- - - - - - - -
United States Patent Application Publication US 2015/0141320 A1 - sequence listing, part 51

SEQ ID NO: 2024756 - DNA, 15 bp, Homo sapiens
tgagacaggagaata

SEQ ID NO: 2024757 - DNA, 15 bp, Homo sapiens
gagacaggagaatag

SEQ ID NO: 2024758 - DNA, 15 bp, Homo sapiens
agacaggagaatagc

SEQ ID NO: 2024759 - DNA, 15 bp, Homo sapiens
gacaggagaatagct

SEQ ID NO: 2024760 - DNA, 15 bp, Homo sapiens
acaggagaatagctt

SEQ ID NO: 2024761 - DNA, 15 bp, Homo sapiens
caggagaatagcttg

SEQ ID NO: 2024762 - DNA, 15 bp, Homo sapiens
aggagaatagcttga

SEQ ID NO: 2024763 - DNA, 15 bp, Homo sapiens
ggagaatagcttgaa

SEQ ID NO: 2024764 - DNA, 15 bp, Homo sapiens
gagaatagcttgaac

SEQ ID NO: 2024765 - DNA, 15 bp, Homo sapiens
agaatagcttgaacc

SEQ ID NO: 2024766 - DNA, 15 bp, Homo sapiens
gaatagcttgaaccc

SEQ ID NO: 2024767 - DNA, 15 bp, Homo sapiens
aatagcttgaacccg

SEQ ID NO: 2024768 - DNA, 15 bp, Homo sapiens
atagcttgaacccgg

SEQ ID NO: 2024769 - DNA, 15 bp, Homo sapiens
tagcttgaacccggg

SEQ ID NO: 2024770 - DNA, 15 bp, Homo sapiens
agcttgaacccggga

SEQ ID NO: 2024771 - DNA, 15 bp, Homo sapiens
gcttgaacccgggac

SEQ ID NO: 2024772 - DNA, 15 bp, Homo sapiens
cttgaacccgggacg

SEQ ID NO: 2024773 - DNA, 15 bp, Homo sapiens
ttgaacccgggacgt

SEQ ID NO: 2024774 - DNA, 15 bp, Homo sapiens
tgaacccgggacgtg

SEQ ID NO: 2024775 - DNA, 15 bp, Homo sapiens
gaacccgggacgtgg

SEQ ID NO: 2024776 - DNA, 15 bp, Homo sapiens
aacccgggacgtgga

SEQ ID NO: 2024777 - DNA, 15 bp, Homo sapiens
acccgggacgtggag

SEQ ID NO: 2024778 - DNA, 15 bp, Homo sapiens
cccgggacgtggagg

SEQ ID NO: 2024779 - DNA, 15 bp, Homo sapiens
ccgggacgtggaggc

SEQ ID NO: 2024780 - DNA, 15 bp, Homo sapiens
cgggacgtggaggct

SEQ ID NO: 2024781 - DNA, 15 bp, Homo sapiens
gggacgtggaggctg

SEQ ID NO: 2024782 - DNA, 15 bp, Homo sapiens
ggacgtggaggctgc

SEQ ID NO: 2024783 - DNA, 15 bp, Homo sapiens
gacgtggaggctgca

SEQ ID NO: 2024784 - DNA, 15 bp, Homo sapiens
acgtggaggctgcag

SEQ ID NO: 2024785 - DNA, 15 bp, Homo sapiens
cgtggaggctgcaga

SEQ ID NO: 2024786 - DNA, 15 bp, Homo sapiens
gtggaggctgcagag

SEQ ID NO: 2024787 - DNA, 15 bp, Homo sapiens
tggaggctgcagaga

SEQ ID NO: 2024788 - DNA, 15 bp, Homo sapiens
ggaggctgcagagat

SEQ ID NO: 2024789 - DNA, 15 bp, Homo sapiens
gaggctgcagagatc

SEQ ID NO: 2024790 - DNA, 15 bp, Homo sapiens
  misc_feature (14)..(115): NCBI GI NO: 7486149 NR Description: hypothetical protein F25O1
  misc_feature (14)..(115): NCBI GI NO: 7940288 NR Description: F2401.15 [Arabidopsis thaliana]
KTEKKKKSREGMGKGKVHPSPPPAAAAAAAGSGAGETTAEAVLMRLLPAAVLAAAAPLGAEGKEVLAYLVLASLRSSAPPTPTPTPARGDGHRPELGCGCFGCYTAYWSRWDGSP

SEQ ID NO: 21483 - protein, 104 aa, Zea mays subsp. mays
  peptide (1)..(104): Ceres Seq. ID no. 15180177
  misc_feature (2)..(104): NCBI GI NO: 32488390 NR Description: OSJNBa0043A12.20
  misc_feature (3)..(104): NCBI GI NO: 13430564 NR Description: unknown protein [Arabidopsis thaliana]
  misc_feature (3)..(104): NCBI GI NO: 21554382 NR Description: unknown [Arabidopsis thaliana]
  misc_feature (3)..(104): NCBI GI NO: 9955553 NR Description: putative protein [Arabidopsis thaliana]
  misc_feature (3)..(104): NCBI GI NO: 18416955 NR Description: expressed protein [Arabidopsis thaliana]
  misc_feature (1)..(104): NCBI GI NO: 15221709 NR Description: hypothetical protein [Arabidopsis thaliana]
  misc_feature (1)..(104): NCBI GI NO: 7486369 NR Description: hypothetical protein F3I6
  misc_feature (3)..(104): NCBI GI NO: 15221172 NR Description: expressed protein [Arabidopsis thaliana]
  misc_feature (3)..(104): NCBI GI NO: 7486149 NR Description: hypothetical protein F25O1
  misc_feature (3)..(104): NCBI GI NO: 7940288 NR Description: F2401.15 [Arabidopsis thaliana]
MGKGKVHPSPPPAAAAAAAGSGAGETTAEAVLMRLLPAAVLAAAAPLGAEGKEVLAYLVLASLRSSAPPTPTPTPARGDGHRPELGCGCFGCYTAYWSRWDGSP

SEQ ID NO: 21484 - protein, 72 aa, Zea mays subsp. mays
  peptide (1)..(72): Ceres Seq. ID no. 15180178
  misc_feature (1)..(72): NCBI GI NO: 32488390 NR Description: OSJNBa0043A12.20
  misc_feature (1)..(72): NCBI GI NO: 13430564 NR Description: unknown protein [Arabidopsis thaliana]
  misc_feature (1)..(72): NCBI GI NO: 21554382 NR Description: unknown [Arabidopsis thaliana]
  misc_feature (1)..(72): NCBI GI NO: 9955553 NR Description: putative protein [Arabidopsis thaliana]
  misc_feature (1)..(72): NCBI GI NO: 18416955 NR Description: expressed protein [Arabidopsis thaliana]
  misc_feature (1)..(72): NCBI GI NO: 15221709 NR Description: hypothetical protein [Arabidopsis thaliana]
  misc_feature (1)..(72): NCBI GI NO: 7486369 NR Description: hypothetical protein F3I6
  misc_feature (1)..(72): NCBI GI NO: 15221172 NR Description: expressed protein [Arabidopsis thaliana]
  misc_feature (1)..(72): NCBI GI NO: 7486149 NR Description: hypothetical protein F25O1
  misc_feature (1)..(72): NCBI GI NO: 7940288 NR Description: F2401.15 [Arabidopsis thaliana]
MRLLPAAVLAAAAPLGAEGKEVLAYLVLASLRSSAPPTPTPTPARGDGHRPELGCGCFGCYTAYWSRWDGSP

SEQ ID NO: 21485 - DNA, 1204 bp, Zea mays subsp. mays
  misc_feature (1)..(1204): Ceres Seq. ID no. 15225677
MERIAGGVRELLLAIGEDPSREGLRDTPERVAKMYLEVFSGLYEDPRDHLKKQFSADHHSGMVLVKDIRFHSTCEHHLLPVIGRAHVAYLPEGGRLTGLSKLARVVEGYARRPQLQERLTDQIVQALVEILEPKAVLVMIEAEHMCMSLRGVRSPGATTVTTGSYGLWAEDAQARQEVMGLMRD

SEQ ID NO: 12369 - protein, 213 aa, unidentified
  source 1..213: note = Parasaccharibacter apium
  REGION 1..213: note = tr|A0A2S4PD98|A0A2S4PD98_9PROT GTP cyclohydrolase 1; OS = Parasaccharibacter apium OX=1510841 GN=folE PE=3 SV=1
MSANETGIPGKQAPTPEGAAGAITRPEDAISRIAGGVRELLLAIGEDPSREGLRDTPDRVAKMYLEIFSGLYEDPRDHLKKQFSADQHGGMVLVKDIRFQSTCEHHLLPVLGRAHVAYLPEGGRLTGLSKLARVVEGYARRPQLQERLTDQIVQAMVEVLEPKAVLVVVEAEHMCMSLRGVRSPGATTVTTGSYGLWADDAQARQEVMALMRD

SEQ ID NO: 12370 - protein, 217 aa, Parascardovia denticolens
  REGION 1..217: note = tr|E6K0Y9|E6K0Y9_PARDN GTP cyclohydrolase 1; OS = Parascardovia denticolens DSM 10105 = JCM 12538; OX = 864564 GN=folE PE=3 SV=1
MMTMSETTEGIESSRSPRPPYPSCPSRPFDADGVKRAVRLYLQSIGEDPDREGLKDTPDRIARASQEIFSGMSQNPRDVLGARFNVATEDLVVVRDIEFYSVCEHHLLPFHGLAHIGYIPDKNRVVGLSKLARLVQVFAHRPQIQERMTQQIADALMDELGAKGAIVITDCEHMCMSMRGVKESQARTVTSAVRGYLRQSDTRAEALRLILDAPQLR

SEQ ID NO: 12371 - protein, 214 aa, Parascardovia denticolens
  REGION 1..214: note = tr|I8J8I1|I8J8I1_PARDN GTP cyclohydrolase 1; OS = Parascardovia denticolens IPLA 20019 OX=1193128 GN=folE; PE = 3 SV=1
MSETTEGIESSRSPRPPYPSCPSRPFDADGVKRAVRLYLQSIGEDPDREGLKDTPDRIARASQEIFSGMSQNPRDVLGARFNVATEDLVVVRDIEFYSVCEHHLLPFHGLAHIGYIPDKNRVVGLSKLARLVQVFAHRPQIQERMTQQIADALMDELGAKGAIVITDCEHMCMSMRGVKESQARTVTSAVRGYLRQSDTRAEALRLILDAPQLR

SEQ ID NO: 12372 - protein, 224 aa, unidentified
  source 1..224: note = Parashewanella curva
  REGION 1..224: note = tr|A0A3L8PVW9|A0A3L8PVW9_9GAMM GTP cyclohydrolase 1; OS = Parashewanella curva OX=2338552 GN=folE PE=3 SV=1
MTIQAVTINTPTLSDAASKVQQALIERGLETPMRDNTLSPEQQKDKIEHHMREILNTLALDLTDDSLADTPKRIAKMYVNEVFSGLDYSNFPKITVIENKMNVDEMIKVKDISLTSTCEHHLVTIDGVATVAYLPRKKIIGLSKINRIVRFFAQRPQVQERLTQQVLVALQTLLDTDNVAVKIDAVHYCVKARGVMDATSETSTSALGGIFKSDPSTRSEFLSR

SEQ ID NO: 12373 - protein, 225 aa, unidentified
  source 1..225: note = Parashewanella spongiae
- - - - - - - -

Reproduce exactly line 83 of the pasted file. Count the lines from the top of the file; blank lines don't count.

  misc_feature (3)..(104): NCBI GI NO: 15221172 NR Description: expressed protein [Arabidopsis thaliana]